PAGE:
F. Scott Fitzgerald
The Great Gatsby
laugh, followed by Daisy‟s voice on a clear artificial note: “I certainly am awfully glad to see you again.” A pause; it endured horribly. I had nothing to do in the hall,
so I went into the room. Gatsby, his hands still in his pockets, was reclining against
the mantelpiece in a strained counterfeit of perfect ease, even of boredom. His head leaned back so far that it rested against the face of a defunct mantelpiece clock, and from this position his distraught eyes stared down at Daisy, who was sitting, frightened but graceful, on the edge of a stiff chair. “We‟ve met before,” muttered Gatsby. His eyes glanced
momentarily at me, and his lips parted with an abortive attempt at a laugh. Luckily the clock took this moment to tilt dangerously at the pressure of his head, whereupon he turned and caught it with trembling fingers, and set it back in place. Then he sat down, rigidly, his elbow on the arm of the sofa and his chin in his hand. “I‟m sorry about the clock,” he said. My own face had now assumed a deep tropical burn. I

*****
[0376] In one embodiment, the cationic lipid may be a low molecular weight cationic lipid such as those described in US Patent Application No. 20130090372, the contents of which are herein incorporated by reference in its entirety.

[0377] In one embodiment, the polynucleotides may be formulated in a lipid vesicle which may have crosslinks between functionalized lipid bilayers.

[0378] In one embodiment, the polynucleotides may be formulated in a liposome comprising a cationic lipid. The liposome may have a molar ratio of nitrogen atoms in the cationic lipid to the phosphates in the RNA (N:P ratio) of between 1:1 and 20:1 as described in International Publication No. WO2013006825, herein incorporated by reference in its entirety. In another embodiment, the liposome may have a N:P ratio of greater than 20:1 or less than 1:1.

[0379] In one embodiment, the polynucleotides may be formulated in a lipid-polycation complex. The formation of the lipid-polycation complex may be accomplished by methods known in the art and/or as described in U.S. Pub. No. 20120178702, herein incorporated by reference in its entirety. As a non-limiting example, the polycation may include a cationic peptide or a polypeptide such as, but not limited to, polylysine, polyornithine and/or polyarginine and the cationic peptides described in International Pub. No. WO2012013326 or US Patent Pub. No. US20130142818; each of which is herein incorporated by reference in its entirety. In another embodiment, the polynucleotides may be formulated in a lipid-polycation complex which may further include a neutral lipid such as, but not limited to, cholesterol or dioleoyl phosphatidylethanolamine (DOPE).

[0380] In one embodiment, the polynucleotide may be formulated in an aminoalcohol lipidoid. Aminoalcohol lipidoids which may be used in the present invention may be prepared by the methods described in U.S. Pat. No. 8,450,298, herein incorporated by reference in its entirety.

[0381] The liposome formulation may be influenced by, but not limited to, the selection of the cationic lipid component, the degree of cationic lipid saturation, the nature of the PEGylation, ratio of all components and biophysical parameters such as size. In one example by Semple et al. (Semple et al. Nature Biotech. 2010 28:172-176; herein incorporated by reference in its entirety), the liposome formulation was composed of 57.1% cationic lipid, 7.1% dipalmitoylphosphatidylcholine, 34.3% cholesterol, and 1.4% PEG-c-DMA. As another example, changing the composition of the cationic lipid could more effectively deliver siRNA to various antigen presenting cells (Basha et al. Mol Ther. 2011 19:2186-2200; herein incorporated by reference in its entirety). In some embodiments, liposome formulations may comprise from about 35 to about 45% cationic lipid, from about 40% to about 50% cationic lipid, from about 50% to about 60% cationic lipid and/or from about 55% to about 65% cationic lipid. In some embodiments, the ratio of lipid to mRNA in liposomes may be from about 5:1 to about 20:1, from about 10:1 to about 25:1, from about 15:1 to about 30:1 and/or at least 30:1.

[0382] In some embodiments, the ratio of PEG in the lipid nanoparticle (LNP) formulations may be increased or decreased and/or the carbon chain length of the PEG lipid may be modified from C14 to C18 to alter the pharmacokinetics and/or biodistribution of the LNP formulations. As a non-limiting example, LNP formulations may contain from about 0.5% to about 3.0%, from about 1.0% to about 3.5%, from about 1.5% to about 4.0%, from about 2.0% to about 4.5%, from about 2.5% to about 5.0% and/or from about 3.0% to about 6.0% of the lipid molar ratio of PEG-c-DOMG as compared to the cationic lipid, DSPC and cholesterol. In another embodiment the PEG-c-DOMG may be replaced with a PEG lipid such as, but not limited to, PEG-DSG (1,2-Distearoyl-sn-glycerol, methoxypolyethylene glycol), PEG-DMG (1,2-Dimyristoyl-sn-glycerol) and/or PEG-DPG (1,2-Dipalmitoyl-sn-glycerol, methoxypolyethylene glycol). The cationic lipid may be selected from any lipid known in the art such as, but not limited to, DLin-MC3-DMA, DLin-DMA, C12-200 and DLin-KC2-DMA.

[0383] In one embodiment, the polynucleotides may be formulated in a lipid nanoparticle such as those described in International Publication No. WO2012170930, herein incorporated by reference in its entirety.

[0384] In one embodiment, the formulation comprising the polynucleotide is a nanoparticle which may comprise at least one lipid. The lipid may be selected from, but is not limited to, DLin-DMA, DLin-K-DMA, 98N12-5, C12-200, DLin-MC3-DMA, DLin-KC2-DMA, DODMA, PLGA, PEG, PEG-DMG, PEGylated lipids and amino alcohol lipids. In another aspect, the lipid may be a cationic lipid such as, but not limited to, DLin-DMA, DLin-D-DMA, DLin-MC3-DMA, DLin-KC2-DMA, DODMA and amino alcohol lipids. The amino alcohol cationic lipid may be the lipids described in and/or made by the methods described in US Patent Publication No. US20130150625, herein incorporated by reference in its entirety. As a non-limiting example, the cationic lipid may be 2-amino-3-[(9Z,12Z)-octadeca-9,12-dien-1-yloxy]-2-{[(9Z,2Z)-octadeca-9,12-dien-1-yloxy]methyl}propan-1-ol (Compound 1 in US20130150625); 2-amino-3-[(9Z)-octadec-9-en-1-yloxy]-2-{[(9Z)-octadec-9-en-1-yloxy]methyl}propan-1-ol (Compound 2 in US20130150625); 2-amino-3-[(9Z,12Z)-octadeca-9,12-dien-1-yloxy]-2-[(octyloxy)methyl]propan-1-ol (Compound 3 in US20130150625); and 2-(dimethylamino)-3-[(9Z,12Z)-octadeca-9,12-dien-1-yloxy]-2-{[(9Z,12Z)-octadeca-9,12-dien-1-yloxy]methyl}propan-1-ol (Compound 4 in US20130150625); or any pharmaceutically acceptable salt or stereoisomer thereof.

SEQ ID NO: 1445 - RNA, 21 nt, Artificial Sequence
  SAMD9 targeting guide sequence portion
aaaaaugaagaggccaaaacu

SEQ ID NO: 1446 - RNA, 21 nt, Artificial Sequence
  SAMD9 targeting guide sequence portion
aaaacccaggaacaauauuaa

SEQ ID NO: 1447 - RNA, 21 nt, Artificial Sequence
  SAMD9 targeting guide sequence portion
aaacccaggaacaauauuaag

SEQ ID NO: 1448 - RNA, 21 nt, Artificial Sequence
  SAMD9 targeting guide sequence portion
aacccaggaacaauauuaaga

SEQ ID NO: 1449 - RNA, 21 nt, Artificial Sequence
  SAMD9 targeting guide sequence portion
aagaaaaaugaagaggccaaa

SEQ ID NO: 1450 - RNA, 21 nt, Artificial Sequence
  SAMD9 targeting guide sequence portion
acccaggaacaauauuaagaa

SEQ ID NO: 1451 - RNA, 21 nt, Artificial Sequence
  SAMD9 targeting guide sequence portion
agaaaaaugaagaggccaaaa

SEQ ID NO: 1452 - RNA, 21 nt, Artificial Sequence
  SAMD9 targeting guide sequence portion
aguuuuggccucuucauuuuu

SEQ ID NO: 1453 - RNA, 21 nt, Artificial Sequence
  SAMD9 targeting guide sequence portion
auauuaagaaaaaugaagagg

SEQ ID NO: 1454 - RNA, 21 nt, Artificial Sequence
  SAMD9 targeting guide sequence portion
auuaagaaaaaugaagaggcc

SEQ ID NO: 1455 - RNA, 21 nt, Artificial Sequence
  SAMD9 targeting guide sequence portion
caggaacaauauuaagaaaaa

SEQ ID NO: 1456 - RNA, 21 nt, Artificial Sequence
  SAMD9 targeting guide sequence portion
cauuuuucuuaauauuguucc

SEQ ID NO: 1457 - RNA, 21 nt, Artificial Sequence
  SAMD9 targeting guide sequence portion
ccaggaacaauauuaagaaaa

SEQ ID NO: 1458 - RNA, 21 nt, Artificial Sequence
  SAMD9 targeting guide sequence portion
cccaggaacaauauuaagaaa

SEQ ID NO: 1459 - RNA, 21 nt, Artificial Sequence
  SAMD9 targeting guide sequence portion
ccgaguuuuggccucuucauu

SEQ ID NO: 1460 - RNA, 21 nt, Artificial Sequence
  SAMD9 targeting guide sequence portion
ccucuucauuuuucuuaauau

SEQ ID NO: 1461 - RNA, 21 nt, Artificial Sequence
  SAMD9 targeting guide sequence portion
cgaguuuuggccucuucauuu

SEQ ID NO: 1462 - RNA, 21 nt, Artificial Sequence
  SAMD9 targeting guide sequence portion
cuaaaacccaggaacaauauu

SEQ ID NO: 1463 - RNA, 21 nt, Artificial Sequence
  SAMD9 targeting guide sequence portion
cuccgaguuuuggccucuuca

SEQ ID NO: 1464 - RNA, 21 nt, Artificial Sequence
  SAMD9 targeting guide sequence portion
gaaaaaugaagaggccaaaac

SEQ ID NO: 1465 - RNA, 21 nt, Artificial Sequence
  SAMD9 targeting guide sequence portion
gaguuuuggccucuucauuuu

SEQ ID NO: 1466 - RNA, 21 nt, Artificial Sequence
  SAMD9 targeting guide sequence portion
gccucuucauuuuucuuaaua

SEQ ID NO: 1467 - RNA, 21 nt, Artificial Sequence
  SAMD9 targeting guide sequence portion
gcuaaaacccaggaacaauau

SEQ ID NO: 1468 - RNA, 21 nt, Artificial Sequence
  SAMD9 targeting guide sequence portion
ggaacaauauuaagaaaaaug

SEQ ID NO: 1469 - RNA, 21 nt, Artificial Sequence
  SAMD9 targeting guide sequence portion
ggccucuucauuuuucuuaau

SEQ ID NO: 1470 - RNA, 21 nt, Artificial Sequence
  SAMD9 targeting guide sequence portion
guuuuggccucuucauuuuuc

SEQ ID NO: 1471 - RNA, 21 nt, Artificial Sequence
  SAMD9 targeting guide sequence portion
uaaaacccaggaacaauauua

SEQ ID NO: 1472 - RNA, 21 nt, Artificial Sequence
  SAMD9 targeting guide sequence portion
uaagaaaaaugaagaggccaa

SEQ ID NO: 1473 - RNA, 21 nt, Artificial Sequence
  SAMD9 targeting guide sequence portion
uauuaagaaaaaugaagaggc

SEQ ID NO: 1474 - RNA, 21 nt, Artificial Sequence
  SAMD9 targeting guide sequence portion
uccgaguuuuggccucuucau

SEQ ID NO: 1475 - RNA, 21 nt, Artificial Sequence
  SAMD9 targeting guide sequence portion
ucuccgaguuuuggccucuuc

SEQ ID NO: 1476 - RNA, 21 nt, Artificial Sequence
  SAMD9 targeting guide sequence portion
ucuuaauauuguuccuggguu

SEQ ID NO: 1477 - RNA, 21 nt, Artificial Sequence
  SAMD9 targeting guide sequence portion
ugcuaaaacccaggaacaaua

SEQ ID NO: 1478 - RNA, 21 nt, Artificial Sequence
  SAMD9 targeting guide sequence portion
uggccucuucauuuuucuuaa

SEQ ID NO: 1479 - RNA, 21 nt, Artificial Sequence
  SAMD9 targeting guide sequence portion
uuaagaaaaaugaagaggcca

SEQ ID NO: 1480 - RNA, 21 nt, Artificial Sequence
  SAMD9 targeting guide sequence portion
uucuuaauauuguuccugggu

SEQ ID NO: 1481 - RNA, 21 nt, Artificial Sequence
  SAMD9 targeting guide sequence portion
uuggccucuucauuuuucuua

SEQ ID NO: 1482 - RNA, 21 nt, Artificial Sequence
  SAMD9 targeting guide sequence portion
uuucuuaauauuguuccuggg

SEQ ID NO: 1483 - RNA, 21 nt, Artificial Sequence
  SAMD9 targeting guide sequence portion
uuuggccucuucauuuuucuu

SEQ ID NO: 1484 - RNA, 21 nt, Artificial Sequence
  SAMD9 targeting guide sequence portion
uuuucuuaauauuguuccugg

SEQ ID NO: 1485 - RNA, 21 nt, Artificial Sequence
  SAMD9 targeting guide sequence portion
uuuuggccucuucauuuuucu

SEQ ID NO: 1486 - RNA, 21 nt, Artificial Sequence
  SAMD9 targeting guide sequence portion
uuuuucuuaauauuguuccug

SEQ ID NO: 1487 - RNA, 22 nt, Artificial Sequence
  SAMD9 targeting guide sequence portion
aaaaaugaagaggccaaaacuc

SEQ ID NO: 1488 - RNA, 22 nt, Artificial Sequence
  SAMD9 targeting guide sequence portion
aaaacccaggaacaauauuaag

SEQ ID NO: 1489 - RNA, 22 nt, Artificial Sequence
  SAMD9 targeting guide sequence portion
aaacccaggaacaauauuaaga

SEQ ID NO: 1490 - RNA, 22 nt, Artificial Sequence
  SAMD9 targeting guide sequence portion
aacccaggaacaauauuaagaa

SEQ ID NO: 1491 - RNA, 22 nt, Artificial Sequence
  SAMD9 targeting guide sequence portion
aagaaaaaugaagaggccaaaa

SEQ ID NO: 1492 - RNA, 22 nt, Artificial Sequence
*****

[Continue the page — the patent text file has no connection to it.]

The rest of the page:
couldn‟t muster up a single commonplace out of the thousand in my head. “It‟s an old clock,” I told them idiotically.